Pandering to President Xi
For more than two years, China has waged a campaign of unparalleled repression against its Islamic minorities, incarcerating an estimated one-sixth of the adult Muslim population of the Xinjiang region at one point or another. Yet, with the exception of a recent tweet from U.S. Secretary of State Mike Pompeo calling on China to "end its repression", the international community has remained largely mute.
In its reliance on mass detention, the Communist Party of China (CPC) has followed the Soviet Union’s example. But China’s concentration camps and detention centres are far larger and more technologically advanced than their Soviet precursors and their purpose is to indoctrinate not just political dissidents, but an entire community of faith.
Although independent researchers and human-rights groups have raised awareness of practices such as force-feeding Muslims alcohol and pork, the Chinese authorities have been able to continue their assault on Islam with impunity. Even as China’s security agencies pursue Uighurs and other Muslims as far afield as Turkey, Chinese leaders and companies involved in the persecution have not faced international sanctions or incurred any other costs.
Chief among the culprits, of course, is Chinese President Xi Jinping, who in 2014 ordered the policy change that set the stage for today’s repression of ethnic Uighurs, Kazakhs, Kyrgyz, Hui and members of other Muslim groups. The forcible assimilation of Muslims into the country’s dominant Han culture is apparently a cornerstone of Xiism –"Xi Jinping thought" – the grand "ism" that Xi has introduced to overshadow the influence of Marxism and Maoism in China.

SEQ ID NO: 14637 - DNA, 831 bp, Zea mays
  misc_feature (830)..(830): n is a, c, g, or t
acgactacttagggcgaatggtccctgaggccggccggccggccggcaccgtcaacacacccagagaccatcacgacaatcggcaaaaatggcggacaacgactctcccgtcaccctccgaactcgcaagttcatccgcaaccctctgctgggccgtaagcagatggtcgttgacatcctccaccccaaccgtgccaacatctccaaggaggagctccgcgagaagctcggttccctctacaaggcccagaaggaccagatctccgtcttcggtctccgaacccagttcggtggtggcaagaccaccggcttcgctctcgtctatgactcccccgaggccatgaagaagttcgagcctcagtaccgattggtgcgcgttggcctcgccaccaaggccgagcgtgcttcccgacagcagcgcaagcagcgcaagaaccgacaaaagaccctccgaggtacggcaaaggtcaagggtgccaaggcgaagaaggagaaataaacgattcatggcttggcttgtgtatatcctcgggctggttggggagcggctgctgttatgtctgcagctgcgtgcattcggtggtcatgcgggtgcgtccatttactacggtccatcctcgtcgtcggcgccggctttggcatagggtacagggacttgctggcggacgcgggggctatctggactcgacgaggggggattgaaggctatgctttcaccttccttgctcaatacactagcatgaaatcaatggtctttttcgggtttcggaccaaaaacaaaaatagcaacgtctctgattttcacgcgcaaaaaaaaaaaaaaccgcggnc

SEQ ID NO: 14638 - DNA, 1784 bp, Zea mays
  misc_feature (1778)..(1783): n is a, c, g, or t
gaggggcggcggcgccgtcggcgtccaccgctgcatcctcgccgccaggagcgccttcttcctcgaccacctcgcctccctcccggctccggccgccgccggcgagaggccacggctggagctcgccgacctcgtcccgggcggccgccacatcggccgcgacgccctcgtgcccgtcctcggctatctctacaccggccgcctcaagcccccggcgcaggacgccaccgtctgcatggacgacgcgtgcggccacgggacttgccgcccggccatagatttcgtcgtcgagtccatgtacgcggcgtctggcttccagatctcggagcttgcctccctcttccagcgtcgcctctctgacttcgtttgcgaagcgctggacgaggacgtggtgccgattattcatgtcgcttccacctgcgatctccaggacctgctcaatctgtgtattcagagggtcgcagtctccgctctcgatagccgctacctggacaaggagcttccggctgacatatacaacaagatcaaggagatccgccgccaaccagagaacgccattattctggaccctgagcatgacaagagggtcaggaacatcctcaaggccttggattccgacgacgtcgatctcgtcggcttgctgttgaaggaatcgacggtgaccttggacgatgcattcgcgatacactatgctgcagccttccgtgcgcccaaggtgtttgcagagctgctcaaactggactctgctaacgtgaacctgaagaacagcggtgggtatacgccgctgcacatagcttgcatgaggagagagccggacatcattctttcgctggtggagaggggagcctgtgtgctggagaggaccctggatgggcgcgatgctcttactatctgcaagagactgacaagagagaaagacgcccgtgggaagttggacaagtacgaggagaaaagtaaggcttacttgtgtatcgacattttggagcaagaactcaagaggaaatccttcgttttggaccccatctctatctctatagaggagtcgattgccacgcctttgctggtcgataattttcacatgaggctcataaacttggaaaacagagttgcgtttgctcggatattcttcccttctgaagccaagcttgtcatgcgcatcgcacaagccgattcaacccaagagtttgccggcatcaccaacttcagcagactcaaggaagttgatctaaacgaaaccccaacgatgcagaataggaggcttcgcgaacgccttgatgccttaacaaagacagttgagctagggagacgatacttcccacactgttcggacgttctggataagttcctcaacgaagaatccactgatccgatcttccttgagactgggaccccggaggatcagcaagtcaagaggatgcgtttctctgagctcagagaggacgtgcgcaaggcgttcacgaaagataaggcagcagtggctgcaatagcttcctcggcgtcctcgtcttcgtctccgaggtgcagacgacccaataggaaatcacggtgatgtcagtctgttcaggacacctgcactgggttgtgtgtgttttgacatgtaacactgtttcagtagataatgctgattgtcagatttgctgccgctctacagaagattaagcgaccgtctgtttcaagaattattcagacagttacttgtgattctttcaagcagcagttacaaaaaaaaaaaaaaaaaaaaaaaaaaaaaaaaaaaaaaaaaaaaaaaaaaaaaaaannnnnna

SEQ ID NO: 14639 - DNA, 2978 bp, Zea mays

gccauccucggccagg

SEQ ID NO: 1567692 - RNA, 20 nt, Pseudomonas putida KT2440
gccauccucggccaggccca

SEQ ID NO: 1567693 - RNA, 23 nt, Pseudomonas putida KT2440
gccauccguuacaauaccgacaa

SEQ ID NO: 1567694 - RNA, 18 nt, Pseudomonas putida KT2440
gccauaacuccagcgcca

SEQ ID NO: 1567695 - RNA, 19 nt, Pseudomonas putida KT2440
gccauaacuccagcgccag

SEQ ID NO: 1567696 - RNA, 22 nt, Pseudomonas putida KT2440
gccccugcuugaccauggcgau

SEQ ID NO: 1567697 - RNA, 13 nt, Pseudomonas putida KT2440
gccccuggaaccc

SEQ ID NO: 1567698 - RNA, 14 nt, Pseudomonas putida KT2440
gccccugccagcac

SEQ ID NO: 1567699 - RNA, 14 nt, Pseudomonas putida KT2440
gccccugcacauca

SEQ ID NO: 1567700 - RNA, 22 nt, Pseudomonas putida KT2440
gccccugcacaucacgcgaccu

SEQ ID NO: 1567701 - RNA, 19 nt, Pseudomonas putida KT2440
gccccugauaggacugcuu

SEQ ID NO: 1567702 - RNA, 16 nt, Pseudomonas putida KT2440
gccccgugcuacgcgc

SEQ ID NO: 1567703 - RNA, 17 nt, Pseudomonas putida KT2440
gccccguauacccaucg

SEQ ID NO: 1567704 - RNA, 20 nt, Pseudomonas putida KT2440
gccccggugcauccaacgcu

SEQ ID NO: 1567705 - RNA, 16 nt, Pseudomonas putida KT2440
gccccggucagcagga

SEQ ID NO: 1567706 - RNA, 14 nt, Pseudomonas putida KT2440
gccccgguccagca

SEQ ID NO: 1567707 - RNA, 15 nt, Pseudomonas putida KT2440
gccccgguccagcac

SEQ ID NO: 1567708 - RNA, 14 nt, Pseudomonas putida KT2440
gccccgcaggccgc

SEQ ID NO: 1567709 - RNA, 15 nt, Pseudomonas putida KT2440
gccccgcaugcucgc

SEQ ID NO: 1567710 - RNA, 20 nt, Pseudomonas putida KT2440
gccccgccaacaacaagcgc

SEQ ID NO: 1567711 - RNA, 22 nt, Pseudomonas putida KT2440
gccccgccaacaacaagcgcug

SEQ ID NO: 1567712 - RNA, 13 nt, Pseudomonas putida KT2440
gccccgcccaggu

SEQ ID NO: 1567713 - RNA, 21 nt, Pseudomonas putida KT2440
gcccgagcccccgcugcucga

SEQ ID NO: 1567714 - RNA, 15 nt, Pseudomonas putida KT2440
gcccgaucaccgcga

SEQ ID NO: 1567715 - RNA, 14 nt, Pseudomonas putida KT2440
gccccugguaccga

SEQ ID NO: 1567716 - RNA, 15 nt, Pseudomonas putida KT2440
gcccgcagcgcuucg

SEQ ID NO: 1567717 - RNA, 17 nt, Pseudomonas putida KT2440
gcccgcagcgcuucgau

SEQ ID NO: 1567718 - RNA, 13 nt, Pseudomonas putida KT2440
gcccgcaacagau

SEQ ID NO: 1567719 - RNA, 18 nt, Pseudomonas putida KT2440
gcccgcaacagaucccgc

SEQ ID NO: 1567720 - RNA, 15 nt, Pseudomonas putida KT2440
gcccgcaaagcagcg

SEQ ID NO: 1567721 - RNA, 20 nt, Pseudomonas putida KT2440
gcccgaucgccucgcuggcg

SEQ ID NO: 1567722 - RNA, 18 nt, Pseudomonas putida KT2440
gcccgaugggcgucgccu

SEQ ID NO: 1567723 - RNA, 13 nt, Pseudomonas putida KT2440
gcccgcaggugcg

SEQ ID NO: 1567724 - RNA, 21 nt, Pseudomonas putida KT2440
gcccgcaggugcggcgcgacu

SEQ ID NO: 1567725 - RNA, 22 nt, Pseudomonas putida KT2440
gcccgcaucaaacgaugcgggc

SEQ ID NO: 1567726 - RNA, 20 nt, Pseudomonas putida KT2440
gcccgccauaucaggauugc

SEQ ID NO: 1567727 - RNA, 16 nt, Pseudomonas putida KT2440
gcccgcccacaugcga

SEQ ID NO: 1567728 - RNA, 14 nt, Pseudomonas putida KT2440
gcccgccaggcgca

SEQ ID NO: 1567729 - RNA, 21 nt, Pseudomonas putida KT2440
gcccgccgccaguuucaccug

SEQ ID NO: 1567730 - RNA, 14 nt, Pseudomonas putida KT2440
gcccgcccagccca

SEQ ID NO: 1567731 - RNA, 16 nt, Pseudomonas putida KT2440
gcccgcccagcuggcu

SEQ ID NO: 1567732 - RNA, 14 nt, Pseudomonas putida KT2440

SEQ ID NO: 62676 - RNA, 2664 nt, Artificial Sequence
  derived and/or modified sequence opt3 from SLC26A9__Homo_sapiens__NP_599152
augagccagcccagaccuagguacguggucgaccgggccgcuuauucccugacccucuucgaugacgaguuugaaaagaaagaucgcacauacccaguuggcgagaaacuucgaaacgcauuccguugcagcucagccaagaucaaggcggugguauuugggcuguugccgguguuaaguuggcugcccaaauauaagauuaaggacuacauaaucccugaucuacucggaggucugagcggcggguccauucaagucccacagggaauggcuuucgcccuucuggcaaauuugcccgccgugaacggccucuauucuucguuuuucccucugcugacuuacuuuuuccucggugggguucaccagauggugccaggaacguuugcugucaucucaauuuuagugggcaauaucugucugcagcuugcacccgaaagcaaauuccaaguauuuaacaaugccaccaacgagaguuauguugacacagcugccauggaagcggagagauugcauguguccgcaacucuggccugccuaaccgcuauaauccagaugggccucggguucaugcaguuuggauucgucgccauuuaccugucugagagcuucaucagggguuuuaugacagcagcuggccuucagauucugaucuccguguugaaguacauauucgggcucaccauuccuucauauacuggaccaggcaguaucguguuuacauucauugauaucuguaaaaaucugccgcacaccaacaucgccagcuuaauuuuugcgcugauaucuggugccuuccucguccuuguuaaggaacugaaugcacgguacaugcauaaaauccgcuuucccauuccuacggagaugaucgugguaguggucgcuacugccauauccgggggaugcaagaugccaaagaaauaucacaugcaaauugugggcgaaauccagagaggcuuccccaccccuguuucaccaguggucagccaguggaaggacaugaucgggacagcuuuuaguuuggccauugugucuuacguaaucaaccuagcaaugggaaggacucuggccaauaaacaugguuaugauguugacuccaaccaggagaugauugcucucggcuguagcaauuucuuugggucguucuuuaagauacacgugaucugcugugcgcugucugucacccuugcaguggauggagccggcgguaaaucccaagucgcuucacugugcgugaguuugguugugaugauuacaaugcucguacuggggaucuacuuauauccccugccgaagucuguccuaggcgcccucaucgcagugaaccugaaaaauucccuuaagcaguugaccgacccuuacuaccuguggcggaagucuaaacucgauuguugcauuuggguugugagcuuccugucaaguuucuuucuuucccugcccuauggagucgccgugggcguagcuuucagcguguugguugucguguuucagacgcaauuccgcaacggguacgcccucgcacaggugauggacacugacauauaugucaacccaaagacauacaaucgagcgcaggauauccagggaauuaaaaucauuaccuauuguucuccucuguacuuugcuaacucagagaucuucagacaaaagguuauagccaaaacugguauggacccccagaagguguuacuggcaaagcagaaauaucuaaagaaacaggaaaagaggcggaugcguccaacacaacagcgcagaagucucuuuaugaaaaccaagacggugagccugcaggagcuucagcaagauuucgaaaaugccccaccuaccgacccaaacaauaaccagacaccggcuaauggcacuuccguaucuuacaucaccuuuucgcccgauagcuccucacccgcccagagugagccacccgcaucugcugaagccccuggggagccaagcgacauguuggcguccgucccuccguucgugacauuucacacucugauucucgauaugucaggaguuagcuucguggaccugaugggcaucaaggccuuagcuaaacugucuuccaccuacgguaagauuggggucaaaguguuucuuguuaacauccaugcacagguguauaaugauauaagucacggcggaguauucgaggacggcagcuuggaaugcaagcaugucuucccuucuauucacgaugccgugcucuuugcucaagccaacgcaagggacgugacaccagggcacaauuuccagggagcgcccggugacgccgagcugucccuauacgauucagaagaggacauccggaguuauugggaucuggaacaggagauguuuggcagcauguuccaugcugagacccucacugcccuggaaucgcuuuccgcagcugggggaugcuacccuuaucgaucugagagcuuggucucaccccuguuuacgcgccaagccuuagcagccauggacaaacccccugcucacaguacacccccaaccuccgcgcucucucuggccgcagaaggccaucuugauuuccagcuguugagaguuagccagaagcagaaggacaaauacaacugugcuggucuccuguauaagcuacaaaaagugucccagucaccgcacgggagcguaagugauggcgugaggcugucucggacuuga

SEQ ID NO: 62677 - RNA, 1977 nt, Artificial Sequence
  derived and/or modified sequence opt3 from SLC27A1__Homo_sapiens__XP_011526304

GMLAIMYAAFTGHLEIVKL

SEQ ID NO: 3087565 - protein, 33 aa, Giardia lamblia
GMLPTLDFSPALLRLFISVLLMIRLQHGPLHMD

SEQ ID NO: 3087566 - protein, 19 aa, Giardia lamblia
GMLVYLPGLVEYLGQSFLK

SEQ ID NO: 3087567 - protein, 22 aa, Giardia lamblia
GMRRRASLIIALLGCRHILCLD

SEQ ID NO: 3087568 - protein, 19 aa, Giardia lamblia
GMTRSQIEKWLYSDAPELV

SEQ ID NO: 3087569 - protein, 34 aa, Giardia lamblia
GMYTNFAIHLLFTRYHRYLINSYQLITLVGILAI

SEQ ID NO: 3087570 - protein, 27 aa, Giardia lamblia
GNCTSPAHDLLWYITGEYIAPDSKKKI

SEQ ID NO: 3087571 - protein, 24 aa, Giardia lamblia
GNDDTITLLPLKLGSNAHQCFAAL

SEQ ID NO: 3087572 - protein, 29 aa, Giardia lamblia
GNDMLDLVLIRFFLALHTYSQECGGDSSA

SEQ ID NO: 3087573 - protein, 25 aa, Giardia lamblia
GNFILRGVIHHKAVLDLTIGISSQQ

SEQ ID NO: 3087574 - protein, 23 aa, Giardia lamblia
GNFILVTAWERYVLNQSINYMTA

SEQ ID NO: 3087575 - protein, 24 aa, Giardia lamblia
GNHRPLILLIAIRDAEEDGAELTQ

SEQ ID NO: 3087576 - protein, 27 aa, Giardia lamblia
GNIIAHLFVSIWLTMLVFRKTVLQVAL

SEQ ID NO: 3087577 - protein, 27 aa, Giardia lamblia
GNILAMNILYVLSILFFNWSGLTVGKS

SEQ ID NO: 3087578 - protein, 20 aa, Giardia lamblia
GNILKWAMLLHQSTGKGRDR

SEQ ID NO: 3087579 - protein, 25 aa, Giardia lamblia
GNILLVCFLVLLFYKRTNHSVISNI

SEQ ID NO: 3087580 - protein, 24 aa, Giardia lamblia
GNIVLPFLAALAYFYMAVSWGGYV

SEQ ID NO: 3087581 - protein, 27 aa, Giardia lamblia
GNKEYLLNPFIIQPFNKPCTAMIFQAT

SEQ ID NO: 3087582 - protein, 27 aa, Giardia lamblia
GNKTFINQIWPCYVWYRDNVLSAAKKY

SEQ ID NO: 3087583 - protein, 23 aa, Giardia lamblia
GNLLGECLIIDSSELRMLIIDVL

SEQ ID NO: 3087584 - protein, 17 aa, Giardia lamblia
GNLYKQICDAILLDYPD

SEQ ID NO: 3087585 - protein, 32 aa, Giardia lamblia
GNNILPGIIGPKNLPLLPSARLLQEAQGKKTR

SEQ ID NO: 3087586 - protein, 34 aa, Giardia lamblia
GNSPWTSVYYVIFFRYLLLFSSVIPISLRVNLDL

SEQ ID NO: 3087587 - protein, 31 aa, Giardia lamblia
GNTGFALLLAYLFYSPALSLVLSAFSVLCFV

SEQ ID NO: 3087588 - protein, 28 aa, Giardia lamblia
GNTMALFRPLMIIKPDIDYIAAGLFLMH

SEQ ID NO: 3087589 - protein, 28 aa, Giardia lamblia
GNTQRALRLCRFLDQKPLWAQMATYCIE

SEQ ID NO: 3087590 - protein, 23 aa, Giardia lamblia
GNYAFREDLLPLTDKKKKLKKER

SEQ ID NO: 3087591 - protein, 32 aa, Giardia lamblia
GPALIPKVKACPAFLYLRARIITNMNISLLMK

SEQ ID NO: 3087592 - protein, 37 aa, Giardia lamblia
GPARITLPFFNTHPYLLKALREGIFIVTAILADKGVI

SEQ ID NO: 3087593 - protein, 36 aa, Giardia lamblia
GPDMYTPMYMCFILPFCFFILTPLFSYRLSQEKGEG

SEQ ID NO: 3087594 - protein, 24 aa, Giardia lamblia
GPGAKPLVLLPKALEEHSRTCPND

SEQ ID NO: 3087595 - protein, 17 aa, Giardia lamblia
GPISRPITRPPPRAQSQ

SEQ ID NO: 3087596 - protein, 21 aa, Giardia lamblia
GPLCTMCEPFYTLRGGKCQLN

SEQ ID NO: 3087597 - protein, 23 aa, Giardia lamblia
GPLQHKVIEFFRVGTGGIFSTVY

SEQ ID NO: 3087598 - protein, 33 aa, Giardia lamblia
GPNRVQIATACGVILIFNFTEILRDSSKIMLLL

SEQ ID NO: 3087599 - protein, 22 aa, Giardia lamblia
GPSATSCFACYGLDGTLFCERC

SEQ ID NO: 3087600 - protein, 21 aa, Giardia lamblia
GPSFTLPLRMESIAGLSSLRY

To oversee this large-scale de-programming of Islamic identities, Xi, who has amassed more power than any Chinese leader since Mao Zedong, re-assigned the notorious CPC enforcer Chen Quanguo from Tibet to Xinjiang and elevated him to the all-powerful Politburo. Though Chenʹs record of overseeing human-rights abuses is well known, the Trump administration has yet to act on a bi-partisan commission’s 2018 recommendation that he and other Chinese officials managing the gulag policy be sanctioned. In general, financial and trade interests, not to mention the threat of Chinese retribution, have deterred most countries from condemning China’s anti-Muslim policies.
With the exception of Turkey, even predominantly Muslim countries that were quick to condemn Myanmar for its treatment of Rohingya Muslims have remained conspicuously silent on China. While Pakistan’s military-backed prime minister, Imran Khan, has feigned ignorance about the Xinjiang crackdown, Saudi Arabia’s powerful crown prince, Mohammed bin Salman, has gone so far as to defend China’s right to police "terrorism”.
Emboldened by the muted international response, China has stepped up its drive to Sinicise Xinjiang by demolishing Muslim neighbourhoods. In Urumqi and other cities, once-bustling Uighur districts have been replaced with heavily policed zones purged of Islamic culture.